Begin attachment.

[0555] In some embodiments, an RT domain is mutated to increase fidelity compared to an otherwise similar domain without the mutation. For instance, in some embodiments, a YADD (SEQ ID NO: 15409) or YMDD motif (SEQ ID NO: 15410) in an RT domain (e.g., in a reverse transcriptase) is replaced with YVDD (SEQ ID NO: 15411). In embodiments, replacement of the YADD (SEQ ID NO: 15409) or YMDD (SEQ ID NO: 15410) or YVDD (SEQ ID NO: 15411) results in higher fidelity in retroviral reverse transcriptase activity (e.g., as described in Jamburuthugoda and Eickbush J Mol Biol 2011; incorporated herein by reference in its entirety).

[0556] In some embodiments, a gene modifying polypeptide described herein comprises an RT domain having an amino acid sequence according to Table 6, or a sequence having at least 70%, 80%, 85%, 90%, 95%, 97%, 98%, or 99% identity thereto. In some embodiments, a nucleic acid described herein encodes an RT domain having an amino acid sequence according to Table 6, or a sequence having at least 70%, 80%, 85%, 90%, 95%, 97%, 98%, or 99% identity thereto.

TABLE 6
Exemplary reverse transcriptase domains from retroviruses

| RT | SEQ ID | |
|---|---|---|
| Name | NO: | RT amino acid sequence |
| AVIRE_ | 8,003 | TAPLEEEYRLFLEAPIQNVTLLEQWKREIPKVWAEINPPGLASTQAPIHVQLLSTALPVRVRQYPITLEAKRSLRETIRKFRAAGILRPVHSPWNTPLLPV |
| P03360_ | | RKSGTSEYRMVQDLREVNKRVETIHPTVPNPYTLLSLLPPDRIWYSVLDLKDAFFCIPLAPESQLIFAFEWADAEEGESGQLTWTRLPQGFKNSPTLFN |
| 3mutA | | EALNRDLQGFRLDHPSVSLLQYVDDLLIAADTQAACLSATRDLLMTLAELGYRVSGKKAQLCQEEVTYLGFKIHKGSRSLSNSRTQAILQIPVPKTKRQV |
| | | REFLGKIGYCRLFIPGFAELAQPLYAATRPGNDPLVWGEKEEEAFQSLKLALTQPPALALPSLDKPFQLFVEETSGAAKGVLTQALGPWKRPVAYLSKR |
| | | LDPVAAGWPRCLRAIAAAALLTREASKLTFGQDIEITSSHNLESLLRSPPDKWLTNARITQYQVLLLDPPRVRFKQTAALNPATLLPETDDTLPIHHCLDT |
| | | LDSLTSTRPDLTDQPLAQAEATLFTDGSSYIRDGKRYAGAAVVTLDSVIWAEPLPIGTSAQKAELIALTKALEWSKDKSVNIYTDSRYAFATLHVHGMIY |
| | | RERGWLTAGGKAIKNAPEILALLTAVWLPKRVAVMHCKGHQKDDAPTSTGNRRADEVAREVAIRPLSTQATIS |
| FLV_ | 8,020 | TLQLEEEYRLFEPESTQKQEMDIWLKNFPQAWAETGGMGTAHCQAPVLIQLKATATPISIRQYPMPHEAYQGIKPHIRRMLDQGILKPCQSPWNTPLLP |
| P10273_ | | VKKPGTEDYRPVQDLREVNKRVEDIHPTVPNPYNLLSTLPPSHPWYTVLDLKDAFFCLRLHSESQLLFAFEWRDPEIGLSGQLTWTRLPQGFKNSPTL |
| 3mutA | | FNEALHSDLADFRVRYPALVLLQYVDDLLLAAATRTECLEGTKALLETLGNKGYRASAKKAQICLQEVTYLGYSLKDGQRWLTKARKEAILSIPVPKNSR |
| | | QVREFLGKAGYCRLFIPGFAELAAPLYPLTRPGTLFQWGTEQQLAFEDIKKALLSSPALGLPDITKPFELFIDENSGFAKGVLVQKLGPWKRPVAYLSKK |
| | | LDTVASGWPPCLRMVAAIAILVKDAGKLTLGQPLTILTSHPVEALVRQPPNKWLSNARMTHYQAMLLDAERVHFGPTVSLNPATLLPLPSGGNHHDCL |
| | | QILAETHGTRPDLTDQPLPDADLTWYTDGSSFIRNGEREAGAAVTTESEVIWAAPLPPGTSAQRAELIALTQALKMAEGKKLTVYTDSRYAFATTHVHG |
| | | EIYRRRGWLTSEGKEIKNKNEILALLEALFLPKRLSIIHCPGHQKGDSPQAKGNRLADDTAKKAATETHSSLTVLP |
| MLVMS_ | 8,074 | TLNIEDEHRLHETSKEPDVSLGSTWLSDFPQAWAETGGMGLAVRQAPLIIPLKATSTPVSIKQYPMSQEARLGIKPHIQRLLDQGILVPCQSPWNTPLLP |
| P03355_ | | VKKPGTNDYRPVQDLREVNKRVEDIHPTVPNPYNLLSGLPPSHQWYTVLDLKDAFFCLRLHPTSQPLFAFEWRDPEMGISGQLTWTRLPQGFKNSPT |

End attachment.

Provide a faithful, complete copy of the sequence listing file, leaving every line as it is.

[0555] In some embodiments, an RT domain is mutated to increase fidelity compared to an otherwise similar domain without the mutation. For instance, in some embodiments, a YADD (SEQ ID NO: 15409) or YMDD motif (SEQ ID NO: 15410) in an RT domain (e.g., in a reverse transcriptase) is replaced with YVDD (SEQ ID NO: 15411). In embodiments, replacement of the YADD (SEQ ID NO: 15409) or YMDD (SEQ ID NO: 15410) or YVDD (SEQ ID NO: 15411) results in higher fidelity in retroviral reverse transcriptase activity (e.g., as described in Jamburuthugoda and Eickbush J Mol Biol 2011; incorporated herein by reference in its entirety).

[0556] In some embodiments, a gene modifying polypeptide described herein comprises an RT domain having an amino acid sequence according to Table 6, or a sequence having at least 70%, 80%, 85%, 90%, 95%, 97%, 98%, or 99% identity thereto. In some embodiments, a nucleic acid described herein encodes an RT domain having an amino acid sequence according to Table 6, or a sequence having at least 70%, 80%, 85%, 90%, 95%, 97%, 98%, or 99% identity thereto.

TABLE 6
Exemplary reverse transcriptase domains from retroviruses

| RT | SEQ ID | |
|---|---|---|
| Name | NO: | RT amino acid sequence |
| AVIRE_ | 8,003 | TAPLEEEYRLFLEAPIQNVTLLEQWKREIPKVWAEINPPGLASTQAPIHVQLLSTALPVRVRQYPITLEAKRSLRETIRKFRAAGILRPVHSPWNTPLLPV |
| P03360_ | | RKSGTSEYRMVQDLREVNKRVETIHPTVPNPYTLLSLLPPDRIWYSVLDLKDAFFCIPLAPESQLIFAFEWADAEEGESGQLTWTRLPQGFKNSPTLFN |
| 3mutA | | EALNRDLQGFRLDHPSVSLLQYVDDLLIAADTQAACLSATRDLLMTLAELGYRVSGKKAQLCQEEVTYLGFKIHKGSRSLSNSRTQAILQIPVPKTKRQV |
| | | REFLGKIGYCRLFIPGFAELAQPLYAATRPGNDPLVWGEKEEEAFQSLKLALTQPPALALPSLDKPFQLFVEETSGAAKGVLTQALGPWKRPVAYLSKR |
| | | LDPVAAGWPRCLRAIAAAALLTREASKLTFGQDIEITSSHNLESLLRSPPDKWLTNARITQYQVLLLDPPRVRFKQTAALNPATLLPETDDTLPIHHCLDT |
| | | LDSLTSTRPDLTDQPLAQAEATLFTDGSSYIRDGKRYAGAAVVTLDSVIWAEPLPIGTSAQKAELIALTKALEWSKDKSVNIYTDSRYAFATLHVHGMIY |
| | | RERGWLTAGGKAIKNAPEILALLTAVWLPKRVAVMHCKGHQKDDAPTSTGNRRADEVAREVAIRPLSTQATIS |
| FLV_ | 8,020 | TLQLEEEYRLFEPESTQKQEMDIWLKNFPQAWAETGGMGTAHCQAPVLIQLKATATPISIRQYPMPHEAYQGIKPHIRRMLDQGILKPCQSPWNTPLLP |
| P10273_ | | VKKPGTEDYRPVQDLREVNKRVEDIHPTVPNPYNLLSTLPPSHPWYTVLDLKDAFFCLRLHSESQLLFAFEWRDPEIGLSGQLTWTRLPQGFKNSPTL |
| 3mutA | | FNEALHSDLADFRVRYPALVLLQYVDDLLLAAATRTECLEGTKALLETLGNKGYRASAKKAQICLQEVTYLGYSLKDGQRWLTKARKEAILSIPVPKNSR |
| | | QVREFLGKAGYCRLFIPGFAELAAPLYPLTRPGTLFQWGTEQQLAFEDIKKALLSSPALGLPDITKPFELFIDENSGFAKGVLVQKLGPWKRPVAYLSKK |
| | | LDTVASGWPPCLRMVAAIAILVKDAGKLTLGQPLTILTSHPVEALVRQPPNKWLSNARMTHYQAMLLDAERVHFGPTVSLNPATLLPLPSGGNHHDCL |
| | | QILAETHGTRPDLTDQPLPDADLTWYTDGSSFIRNGEREAGAAVTTESEVIWAAPLPPGTSAQRAELIALTQALKMAEGKKLTVYTDSRYAFATTHVHG |
| | | EIYRRRGWLTSEGKEIKNKNEILALLEALFLPKRLSIIHCPGHQKGDSPQAKGNRLADDTAKKAATETHSSLTVLP |
| MLVMS_ | 8,074 | TLNIEDEHRLHETSKEPDVSLGSTWLSDFPQAWAETGGMGLAVRQAPLIIPLKATSTPVSIKQYPMSQEARLGIKPHIQRLLDQGILVPCQSPWNTPLLP |
| P03355_ | | VKKPGTNDYRPVQDLREVNKRVEDIHPTVPNPYNLLSGLPPSHQWYTVLDLKDAFFCLRLHPTSQPLFAFEWRDPEMGISGQLTWTRLPQGFKNSPT |